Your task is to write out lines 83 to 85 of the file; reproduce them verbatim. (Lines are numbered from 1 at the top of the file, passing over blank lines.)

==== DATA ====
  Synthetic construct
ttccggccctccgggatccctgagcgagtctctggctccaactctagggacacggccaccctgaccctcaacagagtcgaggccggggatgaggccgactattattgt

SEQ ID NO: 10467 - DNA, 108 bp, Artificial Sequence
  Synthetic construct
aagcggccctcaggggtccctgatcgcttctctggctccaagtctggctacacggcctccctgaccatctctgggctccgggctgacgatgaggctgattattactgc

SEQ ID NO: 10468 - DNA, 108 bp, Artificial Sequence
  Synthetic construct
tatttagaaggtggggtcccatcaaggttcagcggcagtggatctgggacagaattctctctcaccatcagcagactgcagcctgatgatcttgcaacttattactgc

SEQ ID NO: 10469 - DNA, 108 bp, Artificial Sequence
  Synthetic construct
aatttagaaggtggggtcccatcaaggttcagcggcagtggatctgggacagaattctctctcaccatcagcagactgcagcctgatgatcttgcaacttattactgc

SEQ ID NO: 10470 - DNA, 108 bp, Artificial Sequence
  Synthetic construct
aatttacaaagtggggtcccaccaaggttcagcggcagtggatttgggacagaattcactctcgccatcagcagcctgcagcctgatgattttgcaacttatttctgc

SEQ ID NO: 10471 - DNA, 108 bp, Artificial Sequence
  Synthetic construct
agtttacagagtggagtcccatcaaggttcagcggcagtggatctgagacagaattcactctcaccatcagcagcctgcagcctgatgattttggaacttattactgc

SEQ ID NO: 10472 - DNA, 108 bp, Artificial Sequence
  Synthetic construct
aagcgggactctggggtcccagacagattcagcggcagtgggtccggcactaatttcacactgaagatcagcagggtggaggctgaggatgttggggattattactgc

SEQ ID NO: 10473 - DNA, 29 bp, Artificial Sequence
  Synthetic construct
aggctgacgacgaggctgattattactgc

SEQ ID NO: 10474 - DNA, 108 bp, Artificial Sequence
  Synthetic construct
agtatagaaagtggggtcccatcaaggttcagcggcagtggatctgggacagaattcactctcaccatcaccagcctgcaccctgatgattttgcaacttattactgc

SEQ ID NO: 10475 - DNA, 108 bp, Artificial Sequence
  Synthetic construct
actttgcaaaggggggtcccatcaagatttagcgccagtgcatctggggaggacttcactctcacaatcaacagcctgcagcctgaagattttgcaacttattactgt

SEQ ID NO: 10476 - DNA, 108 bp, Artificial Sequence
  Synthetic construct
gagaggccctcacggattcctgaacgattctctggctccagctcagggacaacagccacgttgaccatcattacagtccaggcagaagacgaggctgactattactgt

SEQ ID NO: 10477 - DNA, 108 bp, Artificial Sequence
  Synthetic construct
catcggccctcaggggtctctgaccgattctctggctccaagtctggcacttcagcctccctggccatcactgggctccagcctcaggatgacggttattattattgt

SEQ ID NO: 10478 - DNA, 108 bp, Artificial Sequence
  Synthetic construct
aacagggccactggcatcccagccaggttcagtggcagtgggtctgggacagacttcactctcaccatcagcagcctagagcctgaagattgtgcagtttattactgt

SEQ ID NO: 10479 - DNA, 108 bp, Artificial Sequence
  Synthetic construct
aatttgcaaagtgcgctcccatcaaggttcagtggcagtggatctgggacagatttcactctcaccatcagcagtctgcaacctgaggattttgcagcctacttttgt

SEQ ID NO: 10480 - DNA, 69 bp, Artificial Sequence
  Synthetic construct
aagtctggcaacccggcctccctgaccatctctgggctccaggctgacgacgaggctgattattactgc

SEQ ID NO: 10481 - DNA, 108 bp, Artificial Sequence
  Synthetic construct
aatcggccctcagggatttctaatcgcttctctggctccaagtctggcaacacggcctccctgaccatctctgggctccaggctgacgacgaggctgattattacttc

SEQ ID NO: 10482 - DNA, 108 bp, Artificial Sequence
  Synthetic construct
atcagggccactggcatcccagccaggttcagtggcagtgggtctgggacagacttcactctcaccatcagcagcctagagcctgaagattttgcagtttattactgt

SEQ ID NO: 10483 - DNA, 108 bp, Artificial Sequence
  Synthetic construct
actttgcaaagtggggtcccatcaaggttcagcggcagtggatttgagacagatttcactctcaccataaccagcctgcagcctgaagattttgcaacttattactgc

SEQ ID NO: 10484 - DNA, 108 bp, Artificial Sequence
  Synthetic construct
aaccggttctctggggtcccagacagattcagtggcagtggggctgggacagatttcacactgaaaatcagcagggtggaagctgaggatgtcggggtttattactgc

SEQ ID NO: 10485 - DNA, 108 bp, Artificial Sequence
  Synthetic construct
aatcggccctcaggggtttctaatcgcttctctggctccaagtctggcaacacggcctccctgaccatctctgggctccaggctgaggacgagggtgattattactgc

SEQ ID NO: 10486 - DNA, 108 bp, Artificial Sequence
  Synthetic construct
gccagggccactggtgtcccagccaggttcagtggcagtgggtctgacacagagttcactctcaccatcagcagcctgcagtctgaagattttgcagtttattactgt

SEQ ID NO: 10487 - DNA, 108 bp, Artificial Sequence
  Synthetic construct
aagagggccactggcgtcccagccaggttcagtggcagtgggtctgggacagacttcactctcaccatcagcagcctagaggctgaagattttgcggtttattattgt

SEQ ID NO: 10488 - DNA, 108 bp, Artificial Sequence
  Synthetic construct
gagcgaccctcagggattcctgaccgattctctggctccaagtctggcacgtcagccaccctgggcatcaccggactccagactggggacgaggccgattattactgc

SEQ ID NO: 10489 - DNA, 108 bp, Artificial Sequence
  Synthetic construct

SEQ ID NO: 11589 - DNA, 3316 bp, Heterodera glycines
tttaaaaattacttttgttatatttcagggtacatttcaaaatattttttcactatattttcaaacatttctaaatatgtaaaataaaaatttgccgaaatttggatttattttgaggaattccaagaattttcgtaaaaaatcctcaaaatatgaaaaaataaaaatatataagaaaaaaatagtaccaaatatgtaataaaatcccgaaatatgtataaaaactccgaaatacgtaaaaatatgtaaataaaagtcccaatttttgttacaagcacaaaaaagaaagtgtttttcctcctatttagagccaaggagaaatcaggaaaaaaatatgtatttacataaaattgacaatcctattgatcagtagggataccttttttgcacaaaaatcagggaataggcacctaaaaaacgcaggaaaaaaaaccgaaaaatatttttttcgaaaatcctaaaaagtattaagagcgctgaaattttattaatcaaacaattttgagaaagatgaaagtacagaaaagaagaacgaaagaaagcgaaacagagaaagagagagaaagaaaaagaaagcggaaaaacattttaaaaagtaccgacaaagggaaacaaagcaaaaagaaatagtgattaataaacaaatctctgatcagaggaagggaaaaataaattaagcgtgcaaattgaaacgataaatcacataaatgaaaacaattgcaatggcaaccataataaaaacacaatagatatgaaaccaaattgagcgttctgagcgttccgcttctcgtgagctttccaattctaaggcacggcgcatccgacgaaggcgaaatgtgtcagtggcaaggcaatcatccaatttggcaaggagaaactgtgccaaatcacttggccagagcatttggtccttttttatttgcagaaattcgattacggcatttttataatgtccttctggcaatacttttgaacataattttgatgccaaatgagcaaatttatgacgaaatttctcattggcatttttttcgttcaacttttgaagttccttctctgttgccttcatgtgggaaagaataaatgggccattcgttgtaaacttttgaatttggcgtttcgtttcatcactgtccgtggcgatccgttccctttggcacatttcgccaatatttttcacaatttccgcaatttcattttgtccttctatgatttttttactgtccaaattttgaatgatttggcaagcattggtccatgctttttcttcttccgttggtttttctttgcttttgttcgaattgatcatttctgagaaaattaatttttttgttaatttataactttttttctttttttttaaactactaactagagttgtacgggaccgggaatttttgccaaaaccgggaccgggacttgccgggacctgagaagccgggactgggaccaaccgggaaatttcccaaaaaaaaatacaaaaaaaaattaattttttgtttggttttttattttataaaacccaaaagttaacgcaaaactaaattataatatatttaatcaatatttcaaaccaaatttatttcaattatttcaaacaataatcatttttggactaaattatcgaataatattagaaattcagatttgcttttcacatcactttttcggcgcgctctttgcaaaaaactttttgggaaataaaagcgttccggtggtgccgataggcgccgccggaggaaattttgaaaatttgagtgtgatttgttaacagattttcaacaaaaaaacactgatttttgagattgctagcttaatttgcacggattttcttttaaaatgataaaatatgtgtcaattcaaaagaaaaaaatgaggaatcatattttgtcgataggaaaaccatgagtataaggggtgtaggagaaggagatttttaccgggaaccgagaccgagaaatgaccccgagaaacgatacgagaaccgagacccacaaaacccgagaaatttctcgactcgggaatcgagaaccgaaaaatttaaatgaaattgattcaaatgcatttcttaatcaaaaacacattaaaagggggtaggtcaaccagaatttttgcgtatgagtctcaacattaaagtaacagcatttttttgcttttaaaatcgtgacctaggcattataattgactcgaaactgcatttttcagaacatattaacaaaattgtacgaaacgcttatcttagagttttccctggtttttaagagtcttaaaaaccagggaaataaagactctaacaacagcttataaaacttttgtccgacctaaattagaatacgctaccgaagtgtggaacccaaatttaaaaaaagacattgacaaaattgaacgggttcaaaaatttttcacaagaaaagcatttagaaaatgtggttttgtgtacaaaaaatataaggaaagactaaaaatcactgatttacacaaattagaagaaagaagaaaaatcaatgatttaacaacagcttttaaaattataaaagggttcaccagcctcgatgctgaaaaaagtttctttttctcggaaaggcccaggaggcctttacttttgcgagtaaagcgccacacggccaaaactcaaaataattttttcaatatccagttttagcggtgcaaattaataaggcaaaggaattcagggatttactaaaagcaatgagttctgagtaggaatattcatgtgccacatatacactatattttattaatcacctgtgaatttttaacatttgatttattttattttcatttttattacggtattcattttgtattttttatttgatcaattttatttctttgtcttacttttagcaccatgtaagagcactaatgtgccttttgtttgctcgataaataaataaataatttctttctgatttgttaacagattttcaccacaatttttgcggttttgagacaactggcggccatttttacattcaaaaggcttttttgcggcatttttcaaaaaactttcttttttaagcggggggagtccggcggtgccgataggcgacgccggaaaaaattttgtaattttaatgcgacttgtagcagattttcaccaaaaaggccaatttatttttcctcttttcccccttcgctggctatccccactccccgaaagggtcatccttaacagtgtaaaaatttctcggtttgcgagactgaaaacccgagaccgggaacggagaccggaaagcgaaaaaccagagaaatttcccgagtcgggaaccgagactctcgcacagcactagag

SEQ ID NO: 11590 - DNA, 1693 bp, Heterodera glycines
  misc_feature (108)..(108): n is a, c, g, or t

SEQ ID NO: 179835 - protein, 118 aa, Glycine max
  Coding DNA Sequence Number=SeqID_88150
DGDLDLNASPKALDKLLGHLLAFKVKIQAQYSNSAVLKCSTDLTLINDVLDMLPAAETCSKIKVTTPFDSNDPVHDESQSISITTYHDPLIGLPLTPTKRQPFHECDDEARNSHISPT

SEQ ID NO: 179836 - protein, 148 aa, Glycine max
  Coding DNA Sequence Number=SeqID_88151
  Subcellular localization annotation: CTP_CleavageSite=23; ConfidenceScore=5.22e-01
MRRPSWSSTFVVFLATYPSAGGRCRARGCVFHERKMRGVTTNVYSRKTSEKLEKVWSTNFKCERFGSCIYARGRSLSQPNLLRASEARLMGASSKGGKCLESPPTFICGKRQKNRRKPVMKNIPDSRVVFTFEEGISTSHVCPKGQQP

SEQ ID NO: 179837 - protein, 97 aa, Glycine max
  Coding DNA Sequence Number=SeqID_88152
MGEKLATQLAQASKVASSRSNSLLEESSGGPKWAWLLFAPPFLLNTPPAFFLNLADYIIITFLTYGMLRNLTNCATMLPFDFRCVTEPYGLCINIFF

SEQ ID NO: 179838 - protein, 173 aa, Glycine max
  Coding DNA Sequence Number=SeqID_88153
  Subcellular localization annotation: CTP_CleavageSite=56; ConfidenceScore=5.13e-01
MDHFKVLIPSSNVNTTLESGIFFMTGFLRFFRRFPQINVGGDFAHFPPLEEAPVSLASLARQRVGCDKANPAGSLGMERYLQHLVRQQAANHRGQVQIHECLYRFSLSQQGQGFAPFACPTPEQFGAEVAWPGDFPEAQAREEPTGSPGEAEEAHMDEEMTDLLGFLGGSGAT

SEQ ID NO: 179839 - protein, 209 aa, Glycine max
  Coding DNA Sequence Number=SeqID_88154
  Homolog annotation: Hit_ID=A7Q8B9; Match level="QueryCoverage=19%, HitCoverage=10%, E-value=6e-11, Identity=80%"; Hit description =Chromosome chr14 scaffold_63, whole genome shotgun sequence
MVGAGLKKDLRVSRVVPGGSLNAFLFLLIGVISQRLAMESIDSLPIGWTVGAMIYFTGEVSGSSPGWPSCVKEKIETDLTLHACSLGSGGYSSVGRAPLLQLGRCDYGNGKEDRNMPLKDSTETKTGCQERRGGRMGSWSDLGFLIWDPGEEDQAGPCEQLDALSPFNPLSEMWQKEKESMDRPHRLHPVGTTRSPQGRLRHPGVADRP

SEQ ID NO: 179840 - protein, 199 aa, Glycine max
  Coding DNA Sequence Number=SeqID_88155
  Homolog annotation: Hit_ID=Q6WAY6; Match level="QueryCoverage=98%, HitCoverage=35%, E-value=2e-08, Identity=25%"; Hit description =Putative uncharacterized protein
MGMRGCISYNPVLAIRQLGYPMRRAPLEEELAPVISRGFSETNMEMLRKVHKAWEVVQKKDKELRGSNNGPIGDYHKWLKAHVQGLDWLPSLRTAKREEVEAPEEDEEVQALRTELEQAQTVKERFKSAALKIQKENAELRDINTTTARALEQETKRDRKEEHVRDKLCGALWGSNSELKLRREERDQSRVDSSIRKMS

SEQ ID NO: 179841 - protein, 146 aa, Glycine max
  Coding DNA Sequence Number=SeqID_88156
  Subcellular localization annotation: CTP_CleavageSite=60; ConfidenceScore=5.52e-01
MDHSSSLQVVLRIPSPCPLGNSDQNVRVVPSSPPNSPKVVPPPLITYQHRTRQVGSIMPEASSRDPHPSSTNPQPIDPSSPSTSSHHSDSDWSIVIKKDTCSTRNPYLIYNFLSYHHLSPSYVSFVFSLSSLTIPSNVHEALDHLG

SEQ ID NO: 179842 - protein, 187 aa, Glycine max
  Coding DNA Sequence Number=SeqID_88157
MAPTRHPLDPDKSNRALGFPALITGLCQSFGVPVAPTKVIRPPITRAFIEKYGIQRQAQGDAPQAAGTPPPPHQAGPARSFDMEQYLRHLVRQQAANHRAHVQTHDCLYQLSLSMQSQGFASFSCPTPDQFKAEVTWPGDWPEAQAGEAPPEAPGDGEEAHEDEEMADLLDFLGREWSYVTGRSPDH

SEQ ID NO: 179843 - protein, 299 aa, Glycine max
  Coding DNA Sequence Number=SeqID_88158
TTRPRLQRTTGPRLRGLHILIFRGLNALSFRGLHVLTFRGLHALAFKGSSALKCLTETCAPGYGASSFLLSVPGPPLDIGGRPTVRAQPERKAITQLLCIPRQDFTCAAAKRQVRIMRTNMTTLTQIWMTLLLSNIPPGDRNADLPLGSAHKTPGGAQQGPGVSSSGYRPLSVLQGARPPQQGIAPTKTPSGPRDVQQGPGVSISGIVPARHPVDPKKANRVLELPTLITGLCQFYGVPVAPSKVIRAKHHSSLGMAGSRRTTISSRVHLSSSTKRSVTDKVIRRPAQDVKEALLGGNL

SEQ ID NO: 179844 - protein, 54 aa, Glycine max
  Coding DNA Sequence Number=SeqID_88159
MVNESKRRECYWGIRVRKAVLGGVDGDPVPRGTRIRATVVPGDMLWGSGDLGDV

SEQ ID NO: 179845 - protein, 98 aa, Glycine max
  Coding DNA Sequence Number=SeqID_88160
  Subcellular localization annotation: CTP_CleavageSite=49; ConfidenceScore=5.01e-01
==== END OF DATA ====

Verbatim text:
  Coding DNA Sequence Number=SeqID_88152
MGEKLATQLAQASKVASSRSNSLLEESSGGPKWAWLLFAPPFLLNTPPAFFLNLADYIIITFLTYGMLRNLTNCATMLPFDFRCVTEPYGLCINIFF

SEQ ID NO: 179838 - protein, 173 aa, Glycine max